The immediate reaction from fans on this blog to yesterday's trade between the Orioles and Mariners seemed to lean more toward disappointment than indifference.
Second baseman Robert Andino won over a lot of people with his walk-off single to beat the Red Sox in the final game of the 2011 season. They liked his swagger, his willingness to fill any role and his occasional movie reviews that were played on the video board at Camden Yards. He evolved into a lovable character, and one who really grew on manager Buck Showalter.
Keep in mind that Showalter insisted on taking a look at Andino after being hired in August 2010, though the reports on his desk suggested that the infielder - having been outrighted to Triple-A Norfolk - was pretty much a lost cause.
The acquisition of infielder Alexi Casilla basically pushed Andino out the door. Brian Roberts fully expects to be on the opening day roster as he continues his recovery from hip surgery and Ryan Flaherty made it through the entire 2012 season after being a Rule 5 pick. Andino is arbitration-eligible and out of options. The writing was on the wall.
Trayvon Robinson also is out of options and will be given every opportunity to win a job in spring training. He seems more likely to be used as a fourth outfielder if he sticks around, basically taking the place of veteran Endy Chavez. Critics of Robinson must decide whether he's an upgrade over Chavez, not whether he's acceptable as the everyday left fielder.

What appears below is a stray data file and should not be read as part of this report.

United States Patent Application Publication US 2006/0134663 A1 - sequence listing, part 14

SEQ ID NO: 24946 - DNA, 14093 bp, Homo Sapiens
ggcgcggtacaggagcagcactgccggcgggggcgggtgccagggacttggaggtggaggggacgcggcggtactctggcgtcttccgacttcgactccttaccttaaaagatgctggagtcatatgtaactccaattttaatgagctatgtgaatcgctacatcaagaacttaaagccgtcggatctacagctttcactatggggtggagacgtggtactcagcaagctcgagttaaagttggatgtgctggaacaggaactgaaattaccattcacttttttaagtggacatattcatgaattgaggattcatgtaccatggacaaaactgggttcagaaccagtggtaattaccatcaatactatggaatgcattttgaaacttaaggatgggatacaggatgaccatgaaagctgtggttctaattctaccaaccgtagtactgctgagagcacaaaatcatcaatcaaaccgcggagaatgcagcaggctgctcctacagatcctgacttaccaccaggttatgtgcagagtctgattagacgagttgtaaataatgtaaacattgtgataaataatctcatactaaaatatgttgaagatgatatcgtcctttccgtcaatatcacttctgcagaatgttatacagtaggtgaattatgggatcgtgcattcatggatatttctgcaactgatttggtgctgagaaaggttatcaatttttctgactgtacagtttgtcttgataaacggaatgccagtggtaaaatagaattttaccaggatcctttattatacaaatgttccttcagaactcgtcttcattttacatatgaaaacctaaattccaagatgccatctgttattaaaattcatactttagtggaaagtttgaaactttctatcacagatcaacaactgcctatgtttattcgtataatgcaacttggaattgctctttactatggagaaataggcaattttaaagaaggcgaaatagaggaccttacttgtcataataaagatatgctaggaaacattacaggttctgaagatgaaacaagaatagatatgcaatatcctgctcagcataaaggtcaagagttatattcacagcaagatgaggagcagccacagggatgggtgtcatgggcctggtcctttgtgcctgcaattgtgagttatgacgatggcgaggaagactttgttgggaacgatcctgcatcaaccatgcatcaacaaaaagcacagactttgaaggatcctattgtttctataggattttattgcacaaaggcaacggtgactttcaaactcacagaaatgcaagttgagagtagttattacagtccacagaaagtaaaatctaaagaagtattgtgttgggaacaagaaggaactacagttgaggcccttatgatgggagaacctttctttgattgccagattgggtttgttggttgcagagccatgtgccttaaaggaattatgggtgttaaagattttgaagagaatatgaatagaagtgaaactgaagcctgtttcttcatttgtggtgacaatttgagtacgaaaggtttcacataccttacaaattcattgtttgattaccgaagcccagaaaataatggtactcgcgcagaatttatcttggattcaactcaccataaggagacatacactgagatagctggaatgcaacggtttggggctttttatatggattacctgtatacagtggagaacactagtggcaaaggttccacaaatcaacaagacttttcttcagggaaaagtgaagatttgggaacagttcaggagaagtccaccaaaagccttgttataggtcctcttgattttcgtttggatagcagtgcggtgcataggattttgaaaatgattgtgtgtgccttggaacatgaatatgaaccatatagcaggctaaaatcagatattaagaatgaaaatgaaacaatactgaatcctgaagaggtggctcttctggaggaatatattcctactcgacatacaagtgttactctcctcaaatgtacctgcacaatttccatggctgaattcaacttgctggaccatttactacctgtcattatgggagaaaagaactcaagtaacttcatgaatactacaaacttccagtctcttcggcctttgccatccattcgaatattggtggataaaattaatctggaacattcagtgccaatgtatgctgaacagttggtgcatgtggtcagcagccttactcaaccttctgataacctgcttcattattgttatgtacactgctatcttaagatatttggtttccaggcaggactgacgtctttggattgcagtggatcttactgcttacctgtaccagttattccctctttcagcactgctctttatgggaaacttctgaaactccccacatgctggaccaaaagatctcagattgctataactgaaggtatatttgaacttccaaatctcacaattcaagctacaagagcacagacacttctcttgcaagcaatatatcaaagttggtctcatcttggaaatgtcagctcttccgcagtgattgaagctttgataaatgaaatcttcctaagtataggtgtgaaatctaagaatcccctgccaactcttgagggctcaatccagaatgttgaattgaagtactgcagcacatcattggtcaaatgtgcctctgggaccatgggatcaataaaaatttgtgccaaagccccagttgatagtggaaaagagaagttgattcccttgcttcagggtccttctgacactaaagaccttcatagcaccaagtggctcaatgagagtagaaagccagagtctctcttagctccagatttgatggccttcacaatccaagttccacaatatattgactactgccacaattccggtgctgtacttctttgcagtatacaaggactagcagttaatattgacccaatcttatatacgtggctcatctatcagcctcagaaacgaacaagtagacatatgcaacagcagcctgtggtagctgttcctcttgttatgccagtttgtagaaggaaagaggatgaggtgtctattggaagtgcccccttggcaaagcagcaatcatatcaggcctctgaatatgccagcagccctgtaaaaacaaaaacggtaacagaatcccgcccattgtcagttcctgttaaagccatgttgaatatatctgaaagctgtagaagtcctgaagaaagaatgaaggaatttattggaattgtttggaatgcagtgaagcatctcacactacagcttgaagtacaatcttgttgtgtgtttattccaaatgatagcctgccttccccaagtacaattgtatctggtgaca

I'm fine with that swap.
The Orioles still want to re-sign Nate McLouth. Nolan Reimold remains on the roster and a viable option in left field. Executive vice president Dan Duquette didn't dismiss the idea that the Orioles could bring in another outfielder. It's not like Robinson is the final roster move before they head south for spring training.
One of my Twitter followers asked what impact the trade will have on the Orioles' interest in Josh Hamilton. I can sum it up in one word: None.
OK, two words: Absolutely none.
Meanwhile, the Orioles are still two coaches short of a full staff.
"We're working on the coaching staff," Duquette said. "We're trying to put it to bed this week. We're trying to get it resolved this week."
The only snag involves third base coach DeMarlo Hale, who interviewed for the Blue Jays' bench coach job earlier this week. Showalter has been concerned that Hale would receive such an offer and leave the organization.
At the risk of jumping too far ahead, who would replace Hale if the Blue Jays hire him?
Showalter figures to keep John Russell in the dugout, rather than returning him to the third base coaching box. He's a huge supporter of Norfolk manager Ron Johnson, who could emerge as a leading candidate.
It's important for the coach to have experience at third base. Showalter doesn't want to experiment. That's the reason why Mike Bordick didn't get the job last winter, and why the Orioles didn't move first base coach Wayne Kirby across the diamond.
Shameless plug alert: I'm joining Rob Long for "The Mid-Atlantic Sports Report" from 5-7 p.m. tonight on MASN.
Note: The Twins released their spring training schedule, and it includes five games against the Orioles.
Feb. 23: Twins at Orioles
Feb. 28: Orioles at Twins (Fort Myers)
March 13: Orioles at Twins (Fort Myers)
March 17: Twins at Orioles
March 26: Orioles at Twins (Fort Myers)